It’s scary to see how completely the juvenile-gladiator element (the only daring idea in the franchise) has been emasculated; the second half of Catching Fire is a rather generic, bloodless adventure with only a wisp of moral uneasiness. Friends don’t turn on each other (even Toy Story 3 offered more ambivalence), the deaths mostly take place offscreen, and they’re mostly people we don’t even know.
The sharp, navigable, frequently funny script is credited to Simon Beaufoy (assorted Danny Boyle movies, including Slumdog Millionaire) and Michael Arndt (Little Miss Sunshine, Toy Story 3, Brave). Neither of them was crazy enough to overthink this. Collins has done the strategizing and has espoused a worldview. They just have to realize it.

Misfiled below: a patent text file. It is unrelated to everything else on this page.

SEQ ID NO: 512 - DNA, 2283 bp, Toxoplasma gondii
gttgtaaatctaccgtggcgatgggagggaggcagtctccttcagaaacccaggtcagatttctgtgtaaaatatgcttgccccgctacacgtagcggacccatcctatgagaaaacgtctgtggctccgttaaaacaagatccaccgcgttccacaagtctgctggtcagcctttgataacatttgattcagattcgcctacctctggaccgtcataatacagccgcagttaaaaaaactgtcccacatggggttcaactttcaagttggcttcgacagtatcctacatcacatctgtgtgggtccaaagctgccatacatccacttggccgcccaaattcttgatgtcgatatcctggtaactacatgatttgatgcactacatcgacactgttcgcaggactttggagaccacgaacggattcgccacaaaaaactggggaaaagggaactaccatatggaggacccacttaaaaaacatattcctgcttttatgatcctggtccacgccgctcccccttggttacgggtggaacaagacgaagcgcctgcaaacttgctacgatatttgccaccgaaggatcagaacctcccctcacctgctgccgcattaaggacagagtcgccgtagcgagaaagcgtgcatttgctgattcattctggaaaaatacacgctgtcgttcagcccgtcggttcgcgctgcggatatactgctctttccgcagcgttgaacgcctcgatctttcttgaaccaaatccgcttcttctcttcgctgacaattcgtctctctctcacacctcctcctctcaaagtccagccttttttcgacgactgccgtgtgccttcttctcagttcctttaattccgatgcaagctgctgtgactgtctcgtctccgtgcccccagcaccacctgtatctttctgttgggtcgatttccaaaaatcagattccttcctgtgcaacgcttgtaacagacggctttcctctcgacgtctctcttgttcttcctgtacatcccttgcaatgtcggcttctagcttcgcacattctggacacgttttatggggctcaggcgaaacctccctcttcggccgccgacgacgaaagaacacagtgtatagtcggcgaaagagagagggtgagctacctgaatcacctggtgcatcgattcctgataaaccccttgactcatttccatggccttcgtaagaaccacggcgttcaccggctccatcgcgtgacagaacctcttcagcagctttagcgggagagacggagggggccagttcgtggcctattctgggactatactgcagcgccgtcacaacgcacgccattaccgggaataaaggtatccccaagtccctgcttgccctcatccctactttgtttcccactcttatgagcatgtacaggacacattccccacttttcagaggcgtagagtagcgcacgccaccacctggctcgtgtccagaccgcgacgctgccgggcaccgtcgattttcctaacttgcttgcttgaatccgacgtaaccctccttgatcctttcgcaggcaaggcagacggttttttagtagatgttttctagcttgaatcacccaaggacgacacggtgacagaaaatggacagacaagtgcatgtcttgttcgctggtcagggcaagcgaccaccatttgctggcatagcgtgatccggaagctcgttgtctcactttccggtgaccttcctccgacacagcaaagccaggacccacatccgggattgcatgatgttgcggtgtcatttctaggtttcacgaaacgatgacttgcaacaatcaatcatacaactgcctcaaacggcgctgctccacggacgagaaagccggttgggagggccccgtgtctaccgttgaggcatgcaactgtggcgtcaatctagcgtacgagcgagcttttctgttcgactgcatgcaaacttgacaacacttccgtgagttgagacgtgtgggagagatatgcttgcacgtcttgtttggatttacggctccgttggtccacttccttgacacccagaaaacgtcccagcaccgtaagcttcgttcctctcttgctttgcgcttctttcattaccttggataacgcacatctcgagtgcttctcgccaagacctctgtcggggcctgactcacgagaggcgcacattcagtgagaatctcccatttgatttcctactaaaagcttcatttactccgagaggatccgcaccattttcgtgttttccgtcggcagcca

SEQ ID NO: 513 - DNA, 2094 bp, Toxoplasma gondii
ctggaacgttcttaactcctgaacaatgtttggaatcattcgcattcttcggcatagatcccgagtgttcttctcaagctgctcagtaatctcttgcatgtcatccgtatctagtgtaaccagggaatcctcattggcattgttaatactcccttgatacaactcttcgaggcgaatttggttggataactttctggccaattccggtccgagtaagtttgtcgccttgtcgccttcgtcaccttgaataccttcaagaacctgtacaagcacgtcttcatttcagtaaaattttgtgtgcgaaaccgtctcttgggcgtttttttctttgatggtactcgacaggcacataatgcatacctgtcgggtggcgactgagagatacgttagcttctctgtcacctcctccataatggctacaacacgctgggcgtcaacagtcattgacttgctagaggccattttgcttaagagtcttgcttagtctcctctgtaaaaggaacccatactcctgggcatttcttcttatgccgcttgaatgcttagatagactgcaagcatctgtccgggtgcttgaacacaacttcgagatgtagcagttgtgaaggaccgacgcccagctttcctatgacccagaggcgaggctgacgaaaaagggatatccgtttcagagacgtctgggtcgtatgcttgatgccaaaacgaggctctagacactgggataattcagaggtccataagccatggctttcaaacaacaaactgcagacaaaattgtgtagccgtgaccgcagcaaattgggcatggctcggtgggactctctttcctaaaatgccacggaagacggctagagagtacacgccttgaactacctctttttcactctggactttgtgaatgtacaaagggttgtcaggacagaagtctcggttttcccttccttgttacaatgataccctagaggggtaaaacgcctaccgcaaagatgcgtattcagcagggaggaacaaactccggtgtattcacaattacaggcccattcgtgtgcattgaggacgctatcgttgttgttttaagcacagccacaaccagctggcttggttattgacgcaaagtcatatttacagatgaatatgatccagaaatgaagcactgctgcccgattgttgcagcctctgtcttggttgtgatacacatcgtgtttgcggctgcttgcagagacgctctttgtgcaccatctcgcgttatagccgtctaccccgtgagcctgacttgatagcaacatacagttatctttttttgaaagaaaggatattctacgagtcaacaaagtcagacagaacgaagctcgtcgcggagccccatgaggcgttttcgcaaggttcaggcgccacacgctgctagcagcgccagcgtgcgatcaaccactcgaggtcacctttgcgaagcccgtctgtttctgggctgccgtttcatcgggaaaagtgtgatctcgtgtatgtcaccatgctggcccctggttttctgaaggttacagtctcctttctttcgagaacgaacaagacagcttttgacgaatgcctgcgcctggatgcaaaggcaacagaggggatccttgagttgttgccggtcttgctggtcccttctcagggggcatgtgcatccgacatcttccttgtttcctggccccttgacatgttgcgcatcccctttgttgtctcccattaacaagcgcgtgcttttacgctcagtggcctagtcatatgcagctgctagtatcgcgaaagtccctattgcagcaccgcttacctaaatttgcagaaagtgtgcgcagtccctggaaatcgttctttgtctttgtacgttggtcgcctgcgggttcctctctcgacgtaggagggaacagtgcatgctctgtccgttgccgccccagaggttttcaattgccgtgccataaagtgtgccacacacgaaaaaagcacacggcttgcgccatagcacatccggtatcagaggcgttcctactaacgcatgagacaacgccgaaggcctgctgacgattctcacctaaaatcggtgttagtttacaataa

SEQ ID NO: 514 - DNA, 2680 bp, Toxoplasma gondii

One of Catching Fire’s biggest problems is the dilution of the ingredients that made The Hunger Games so gripping… With Catching Fire picking up in the same place of its book equivalent, the initial drama is over, the concept a given, and the aftermath is all that’s left, an aftermath that as it turns out, involves melodramatic two-handed conversations galore.